Local officials broke ground for the shopping center on Valentine’s Day 2007. The celebration had the fervor of a Sunday church service, with a band, numerous prayers and a hot buffet. As people shook the mayor’s hand and slapped his back, Perrodin said in many ways the biggest victory was psychological.

“This shopping center will help in the mind-set of people here, help them with self-esteem,” he said at the time. “The biggest problem we have with the people in Compton is their mind-set that nothing good can happen here or come here.”

By most accounts, the Gateway project is doing well despite tough economic conditions that got it off to a slow start, officials said. Developers are in the process of securing tenants for a second phase of the center, said Eric Eklund of Prism Realty.

Still, there is no sit-down restaurant. Developers say a lease with T.G.I. Friday’s is signed and the restaurant could open this year. A second restaurant could open during the second phase, Eklund said.

It’s the type of shopping destination that retailers look for when entering a new community, said Tom Niro, regional vice president for Staples. Before Gateway, “there was really no retail synergy there,” he said. “We’ve actually been looking forward to getting into this community for years.”

City leaders expect the center will bring in about $1.2 million in sales tax a year, but so far it’s brought in only a few thousand.

A few other development projects have also taken shape. In December, the first phase of the Willow Walk Project, a $40-million town home and retail development venture, opened with the help of city redevelopment funds.

And another shopping center, with the British-owned Fresh & Easy Neighborhood Market, is taking shape across town. A Panda Express and Starbucks have already opened.

The debut of the Fresh & Easy on Rosecrans and Central avenues was a grand affair. Prince Andrew, in a black suit and baby-blue tie, greeted hundreds of excited spectators waiting behind yellow caution tape.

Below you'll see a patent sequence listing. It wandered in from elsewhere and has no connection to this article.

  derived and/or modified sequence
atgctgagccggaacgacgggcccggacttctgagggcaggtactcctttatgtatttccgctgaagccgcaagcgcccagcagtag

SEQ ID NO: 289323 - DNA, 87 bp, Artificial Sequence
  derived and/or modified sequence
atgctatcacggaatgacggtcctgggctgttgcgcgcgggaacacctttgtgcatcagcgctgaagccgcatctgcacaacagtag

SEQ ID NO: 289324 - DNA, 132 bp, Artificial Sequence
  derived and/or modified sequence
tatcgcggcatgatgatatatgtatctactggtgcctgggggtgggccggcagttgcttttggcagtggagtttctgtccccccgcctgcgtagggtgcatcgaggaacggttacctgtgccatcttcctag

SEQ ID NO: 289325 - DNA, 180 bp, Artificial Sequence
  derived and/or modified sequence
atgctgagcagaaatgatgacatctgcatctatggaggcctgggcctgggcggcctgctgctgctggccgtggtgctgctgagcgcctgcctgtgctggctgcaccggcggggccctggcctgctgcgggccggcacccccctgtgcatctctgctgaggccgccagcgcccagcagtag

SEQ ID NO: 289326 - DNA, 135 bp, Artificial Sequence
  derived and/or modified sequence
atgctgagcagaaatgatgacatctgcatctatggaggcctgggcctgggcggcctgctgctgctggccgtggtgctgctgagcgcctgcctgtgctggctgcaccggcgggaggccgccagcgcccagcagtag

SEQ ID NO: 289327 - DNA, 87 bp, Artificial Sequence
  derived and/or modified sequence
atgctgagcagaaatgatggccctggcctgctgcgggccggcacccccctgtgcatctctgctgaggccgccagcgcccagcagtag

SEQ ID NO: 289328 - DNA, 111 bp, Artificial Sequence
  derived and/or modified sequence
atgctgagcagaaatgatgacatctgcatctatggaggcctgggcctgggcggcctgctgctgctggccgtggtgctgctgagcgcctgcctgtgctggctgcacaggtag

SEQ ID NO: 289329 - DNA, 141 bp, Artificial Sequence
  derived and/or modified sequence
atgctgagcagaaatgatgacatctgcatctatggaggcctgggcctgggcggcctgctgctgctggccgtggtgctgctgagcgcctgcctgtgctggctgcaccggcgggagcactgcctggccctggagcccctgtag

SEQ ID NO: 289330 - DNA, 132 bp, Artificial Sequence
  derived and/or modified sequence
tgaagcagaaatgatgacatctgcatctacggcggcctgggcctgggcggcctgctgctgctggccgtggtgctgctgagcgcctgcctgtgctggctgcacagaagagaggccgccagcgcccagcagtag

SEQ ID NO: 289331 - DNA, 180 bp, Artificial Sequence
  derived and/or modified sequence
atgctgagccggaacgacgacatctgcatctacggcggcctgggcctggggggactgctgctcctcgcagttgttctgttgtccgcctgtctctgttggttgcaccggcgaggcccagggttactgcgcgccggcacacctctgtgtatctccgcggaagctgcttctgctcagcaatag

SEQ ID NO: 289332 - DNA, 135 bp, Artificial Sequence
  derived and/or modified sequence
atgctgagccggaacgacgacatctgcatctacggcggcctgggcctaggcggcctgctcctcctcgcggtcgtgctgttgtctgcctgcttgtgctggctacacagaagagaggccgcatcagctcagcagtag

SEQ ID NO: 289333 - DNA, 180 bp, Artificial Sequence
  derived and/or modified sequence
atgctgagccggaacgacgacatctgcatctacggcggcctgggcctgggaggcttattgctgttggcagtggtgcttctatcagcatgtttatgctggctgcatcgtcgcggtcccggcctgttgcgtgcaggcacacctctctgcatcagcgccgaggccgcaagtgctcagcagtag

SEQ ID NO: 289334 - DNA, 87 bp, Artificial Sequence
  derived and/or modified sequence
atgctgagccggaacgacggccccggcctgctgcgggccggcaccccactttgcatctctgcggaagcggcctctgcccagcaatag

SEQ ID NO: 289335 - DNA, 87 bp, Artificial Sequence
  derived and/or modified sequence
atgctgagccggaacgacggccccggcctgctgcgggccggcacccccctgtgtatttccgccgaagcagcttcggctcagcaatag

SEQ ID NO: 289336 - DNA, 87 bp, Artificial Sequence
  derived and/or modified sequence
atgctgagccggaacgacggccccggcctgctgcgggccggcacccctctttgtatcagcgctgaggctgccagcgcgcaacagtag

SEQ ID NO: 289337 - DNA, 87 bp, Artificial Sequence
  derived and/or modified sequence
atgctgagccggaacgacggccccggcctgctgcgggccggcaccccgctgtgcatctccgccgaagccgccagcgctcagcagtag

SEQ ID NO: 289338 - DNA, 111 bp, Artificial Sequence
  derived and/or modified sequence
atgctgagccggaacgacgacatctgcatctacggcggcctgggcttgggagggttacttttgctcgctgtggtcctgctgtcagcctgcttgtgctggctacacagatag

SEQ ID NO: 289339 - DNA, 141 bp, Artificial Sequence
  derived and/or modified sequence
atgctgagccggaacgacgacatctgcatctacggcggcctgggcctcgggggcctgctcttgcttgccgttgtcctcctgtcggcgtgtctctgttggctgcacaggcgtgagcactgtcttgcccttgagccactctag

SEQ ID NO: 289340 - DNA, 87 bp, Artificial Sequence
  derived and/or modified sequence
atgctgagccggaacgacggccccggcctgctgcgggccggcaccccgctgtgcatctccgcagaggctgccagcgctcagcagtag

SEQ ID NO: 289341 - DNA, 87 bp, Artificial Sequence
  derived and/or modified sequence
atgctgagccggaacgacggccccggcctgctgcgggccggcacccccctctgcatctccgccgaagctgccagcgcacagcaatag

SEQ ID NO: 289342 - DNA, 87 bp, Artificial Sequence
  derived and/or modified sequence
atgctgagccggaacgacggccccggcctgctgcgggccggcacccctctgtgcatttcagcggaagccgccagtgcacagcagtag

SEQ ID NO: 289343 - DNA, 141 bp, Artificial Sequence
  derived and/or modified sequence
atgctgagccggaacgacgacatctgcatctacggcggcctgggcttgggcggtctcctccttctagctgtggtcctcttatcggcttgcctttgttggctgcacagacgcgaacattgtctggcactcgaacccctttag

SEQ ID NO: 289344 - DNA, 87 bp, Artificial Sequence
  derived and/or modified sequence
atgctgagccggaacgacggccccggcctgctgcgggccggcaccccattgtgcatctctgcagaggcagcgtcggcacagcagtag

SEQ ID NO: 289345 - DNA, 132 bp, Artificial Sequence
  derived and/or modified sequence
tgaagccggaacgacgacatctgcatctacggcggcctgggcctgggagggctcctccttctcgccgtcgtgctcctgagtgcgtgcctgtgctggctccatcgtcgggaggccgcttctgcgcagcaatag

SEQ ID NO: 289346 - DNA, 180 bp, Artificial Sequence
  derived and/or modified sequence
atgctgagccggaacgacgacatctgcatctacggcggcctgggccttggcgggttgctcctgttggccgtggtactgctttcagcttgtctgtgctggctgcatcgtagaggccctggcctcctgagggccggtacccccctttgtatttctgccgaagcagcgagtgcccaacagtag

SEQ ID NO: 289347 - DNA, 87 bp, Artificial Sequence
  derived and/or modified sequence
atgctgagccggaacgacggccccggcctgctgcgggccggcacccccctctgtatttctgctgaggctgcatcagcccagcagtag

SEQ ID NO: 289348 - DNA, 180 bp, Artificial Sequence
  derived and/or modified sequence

“I appreciate what they’re bringing to Compton,” said Flora Ray, 68, who has lived in the city for 48 years. “All the time I’ve lived here, I’ve gone to other areas to shop.”

“We don’t have to go to another city,” echoed Ruben Hernandez, 47, a 40-year Compton resident. “We’re moving up.”

But the prince made it a quick affair. He smiled politely but made no statements outside the store before cutting a red ribbon. Then, he quickly walked over to the crowd, shook hands with a couple of spectators, ducked into a limo and rushed away.

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paloma.esquivel@latimes.com

Megan Garvey contributed to this report.

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(BEGIN TEXT OF INFOBOX)

City spotlight

*--* -- Compton L.A. County Area (square miles) 10.2 4,079 Population 98,435 9,948,081 Median household income $38,682 $51,315 Families below poverty level 23.2% 12.4% Foreign born 28.5% 35.4% Median home value (2006) $372,400 $574,100 *--*

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Sources: Census Bureau (2006 American Community Survey), California State Assn. of Counties, ESRI, TeleAtlas